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  • Writer's pictureRob Ervin

Rob Reviews "The Disaster Artist"

We are on the verge of what could be the most meta moment Hollywood has ever seen.

When “The Room” was what can be loosely interpreted as released in 2003, writer/director/producer/lead actor Tommy Wiseau would find himself in the strange position of becoming a cult hero. Unable to get work as an actor in films or television shows, he and his best friend/co-producer/co-star Greg Sestero made what is known in many circles as the worst film in the history of EVER. But, in the way that things tend to do, “The Room” has become a strange cult hit, prompting midnight showings around the country for years with a level of interactivity that is compared on some level to “The Rocky Horror Picture Show”. The story behind the story was even stranger and more outrageous, prompting Sestero to write his memoirs of the experience in “The Disaster Artist”. James Franco was so enthralled by everything involved here that he himself produced, directed, and stars in the film adaptation of his book.

Leading what could be one of the most all-star packed casts in a LONG TIME like himself, Dave Franco, Seth Rogen, Alison Brie, Zoey Deutch, Josh Hutcherson, Megan Mullaly, Zac Efron, Bryan Cranston, Sharon Stone, Melanie Griffith, and the list goes on and on, this is one of those larger-than-life stories that could easily collapse under its own weight with the principals involved. Knowing how close a lot of this cast is in real life, I would imagine that most of them did their roles for scale if not below because of how fun this production had to be to make. Add to that the rumor that they re-shot the entire film shot-for-shot (which I would LOVE to see), and the imagination simply runs wild as the story unfolds on screen.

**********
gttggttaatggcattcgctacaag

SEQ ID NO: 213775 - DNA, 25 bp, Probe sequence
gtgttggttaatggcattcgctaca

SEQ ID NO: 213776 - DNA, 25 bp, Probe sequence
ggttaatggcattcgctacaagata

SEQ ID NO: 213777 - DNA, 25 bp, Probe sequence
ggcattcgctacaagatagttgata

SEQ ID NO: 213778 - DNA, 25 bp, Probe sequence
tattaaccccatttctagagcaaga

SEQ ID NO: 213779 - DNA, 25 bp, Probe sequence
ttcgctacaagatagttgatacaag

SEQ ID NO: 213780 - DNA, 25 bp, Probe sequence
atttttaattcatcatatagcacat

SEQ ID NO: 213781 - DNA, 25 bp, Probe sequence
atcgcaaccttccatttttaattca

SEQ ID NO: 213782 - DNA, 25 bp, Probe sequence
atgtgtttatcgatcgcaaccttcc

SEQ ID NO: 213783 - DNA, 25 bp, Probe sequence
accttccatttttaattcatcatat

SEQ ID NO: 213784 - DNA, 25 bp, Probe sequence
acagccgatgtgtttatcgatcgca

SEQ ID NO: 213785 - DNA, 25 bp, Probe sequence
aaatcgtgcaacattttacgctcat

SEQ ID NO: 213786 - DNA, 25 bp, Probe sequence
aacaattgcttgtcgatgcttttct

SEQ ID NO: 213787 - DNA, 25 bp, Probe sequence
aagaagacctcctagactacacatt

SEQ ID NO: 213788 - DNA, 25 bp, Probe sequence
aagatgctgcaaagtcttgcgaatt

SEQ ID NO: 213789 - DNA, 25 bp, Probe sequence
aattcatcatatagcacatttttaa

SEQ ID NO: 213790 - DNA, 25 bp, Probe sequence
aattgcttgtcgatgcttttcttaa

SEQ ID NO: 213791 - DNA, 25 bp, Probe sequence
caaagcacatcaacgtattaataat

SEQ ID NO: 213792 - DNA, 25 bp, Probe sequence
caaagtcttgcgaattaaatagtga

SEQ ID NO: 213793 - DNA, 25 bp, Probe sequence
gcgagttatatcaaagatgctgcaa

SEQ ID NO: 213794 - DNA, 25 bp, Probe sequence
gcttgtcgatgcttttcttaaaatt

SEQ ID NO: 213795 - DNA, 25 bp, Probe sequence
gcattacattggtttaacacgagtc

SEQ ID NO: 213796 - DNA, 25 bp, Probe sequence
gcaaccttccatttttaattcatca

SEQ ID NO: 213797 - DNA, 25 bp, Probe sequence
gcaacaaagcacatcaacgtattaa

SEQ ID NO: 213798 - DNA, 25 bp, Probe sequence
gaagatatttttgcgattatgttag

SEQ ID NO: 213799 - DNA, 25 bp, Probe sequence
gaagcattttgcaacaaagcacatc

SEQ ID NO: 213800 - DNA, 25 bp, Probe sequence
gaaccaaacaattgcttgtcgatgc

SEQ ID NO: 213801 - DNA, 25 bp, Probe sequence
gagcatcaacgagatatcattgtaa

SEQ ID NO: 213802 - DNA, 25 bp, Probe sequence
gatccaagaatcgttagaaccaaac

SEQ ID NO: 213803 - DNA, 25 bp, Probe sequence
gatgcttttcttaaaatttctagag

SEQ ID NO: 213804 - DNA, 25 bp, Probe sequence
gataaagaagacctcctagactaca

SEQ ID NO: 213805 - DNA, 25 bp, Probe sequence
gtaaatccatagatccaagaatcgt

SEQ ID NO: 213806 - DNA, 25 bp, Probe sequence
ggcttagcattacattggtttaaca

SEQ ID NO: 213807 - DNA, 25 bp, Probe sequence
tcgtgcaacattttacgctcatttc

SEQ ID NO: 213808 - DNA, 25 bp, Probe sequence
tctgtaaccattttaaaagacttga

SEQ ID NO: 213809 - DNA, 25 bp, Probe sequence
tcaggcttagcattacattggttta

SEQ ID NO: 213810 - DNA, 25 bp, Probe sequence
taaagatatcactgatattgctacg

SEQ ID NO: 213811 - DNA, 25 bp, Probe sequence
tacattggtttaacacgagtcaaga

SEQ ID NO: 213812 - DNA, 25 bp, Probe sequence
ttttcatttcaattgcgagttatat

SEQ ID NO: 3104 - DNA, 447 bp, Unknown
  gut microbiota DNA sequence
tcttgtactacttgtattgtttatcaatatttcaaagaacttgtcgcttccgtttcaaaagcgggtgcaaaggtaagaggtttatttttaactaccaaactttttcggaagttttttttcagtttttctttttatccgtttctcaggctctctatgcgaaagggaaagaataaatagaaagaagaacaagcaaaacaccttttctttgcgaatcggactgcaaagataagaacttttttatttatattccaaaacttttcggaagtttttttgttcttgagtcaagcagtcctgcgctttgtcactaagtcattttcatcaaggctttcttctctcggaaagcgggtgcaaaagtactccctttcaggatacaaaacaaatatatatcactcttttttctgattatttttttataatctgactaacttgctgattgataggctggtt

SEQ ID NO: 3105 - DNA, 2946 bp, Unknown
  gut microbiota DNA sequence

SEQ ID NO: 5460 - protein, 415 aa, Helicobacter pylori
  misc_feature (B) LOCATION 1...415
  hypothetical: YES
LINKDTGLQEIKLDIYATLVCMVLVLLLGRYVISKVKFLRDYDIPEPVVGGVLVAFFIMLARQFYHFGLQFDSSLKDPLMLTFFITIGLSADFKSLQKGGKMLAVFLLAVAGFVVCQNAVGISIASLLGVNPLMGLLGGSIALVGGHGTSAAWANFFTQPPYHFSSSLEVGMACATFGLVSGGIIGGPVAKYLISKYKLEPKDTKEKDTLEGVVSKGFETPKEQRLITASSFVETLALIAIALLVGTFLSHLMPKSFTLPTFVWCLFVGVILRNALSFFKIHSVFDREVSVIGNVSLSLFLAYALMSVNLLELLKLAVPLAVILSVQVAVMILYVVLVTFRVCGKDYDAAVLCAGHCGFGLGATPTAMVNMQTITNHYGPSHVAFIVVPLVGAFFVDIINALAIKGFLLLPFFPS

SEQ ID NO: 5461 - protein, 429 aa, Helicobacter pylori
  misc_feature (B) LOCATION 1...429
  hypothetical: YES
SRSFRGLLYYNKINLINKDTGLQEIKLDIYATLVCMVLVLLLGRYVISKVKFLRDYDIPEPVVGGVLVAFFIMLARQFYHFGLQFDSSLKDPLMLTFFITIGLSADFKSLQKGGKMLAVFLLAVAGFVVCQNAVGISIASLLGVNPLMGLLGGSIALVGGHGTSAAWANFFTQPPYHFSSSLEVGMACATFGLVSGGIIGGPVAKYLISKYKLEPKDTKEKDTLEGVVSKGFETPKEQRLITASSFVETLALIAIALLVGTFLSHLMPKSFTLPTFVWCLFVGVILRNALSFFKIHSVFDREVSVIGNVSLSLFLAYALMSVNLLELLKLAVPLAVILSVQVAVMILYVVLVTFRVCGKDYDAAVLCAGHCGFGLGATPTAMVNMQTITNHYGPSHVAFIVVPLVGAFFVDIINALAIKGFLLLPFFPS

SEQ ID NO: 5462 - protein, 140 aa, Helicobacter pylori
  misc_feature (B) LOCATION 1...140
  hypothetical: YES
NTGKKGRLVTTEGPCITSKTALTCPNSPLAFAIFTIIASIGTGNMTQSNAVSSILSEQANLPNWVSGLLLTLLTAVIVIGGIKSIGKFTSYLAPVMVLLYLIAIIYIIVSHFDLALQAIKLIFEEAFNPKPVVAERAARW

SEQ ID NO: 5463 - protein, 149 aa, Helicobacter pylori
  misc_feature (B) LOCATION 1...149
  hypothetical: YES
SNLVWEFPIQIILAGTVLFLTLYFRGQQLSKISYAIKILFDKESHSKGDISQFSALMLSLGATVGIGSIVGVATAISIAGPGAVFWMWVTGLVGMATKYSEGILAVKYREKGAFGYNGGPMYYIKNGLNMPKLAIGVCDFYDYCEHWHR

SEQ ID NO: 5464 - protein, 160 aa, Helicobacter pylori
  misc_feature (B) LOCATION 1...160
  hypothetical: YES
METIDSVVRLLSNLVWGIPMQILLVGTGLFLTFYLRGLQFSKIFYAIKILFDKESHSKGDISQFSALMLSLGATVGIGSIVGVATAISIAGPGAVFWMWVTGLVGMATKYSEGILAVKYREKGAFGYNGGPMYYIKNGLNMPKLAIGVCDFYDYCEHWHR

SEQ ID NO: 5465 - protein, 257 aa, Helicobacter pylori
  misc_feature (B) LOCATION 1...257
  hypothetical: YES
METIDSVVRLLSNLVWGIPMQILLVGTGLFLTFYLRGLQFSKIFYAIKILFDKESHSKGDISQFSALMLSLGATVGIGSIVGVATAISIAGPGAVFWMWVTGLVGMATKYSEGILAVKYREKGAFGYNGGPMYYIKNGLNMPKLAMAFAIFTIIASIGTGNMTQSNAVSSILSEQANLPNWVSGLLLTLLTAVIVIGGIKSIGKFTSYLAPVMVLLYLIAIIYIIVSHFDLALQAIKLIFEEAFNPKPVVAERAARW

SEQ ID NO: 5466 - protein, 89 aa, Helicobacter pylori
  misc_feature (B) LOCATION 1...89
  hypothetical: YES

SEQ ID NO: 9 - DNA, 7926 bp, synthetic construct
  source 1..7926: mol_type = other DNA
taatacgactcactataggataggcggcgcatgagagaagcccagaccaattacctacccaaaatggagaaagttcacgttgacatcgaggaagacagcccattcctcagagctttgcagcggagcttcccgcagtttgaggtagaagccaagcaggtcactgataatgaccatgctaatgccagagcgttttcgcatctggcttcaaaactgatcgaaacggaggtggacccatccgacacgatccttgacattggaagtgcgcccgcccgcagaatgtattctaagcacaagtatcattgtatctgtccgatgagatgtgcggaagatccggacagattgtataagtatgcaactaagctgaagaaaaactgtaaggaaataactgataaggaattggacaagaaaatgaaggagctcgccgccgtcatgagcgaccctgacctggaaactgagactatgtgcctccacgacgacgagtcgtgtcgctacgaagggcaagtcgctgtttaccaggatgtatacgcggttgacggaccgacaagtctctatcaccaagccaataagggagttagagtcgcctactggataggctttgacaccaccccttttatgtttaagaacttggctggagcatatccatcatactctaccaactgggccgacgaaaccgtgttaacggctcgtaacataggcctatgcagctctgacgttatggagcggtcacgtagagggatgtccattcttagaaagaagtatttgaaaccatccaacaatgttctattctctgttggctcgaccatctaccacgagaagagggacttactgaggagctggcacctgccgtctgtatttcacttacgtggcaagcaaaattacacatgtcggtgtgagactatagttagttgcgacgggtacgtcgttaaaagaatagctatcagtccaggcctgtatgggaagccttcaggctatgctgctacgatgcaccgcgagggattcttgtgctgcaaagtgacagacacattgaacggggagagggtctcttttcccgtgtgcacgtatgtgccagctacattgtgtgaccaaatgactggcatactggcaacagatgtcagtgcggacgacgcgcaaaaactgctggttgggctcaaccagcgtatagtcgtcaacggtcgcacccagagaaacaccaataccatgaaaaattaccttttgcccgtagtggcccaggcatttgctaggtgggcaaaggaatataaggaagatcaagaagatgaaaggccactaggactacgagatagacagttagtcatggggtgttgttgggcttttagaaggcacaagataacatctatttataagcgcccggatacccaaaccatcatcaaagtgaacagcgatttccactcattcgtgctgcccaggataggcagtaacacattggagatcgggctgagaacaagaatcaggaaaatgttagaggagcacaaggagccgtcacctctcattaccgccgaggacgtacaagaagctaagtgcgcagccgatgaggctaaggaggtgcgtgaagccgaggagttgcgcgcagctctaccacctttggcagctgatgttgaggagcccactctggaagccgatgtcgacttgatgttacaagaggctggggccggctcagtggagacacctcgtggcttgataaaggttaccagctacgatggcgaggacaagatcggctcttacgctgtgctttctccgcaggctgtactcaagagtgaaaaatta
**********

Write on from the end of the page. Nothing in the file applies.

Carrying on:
(All of that being said, it is important to note that I truly feel that before you see “The Disaster Artist” that it is equally necessary to see “The Room” in a theater with an audience that knows what to do and when to do it. “The Disaster Artist” can exist on its own, but the level of appreciation that I have for it comes from the fact that I saw its subject matter in its natural habitat the week before. Heck, it made it more fun!)

Here is where the interesting part happens: Franco is so great in this that I truly believe that there will be some Best Actor nominations if not a few wins here, and maybe even some Best Picture stuff. So, if and when that happens, we could see the rare “worst to first” situation in the entertainment industry. Oh, and it would be SO GLORIOUS to see. I honestly feel like Franco would let Wiseau do the speech, even though he would have to help him keep it on the rails. Seriously, this film is THAT good. Go see it, go see it now, go see it again, and my only other hope here is that the remake of the film itself is included on the Blu-Ray, as the side-by-side comparisons during the end credits are nothing short of brilliant and DEAD ON.

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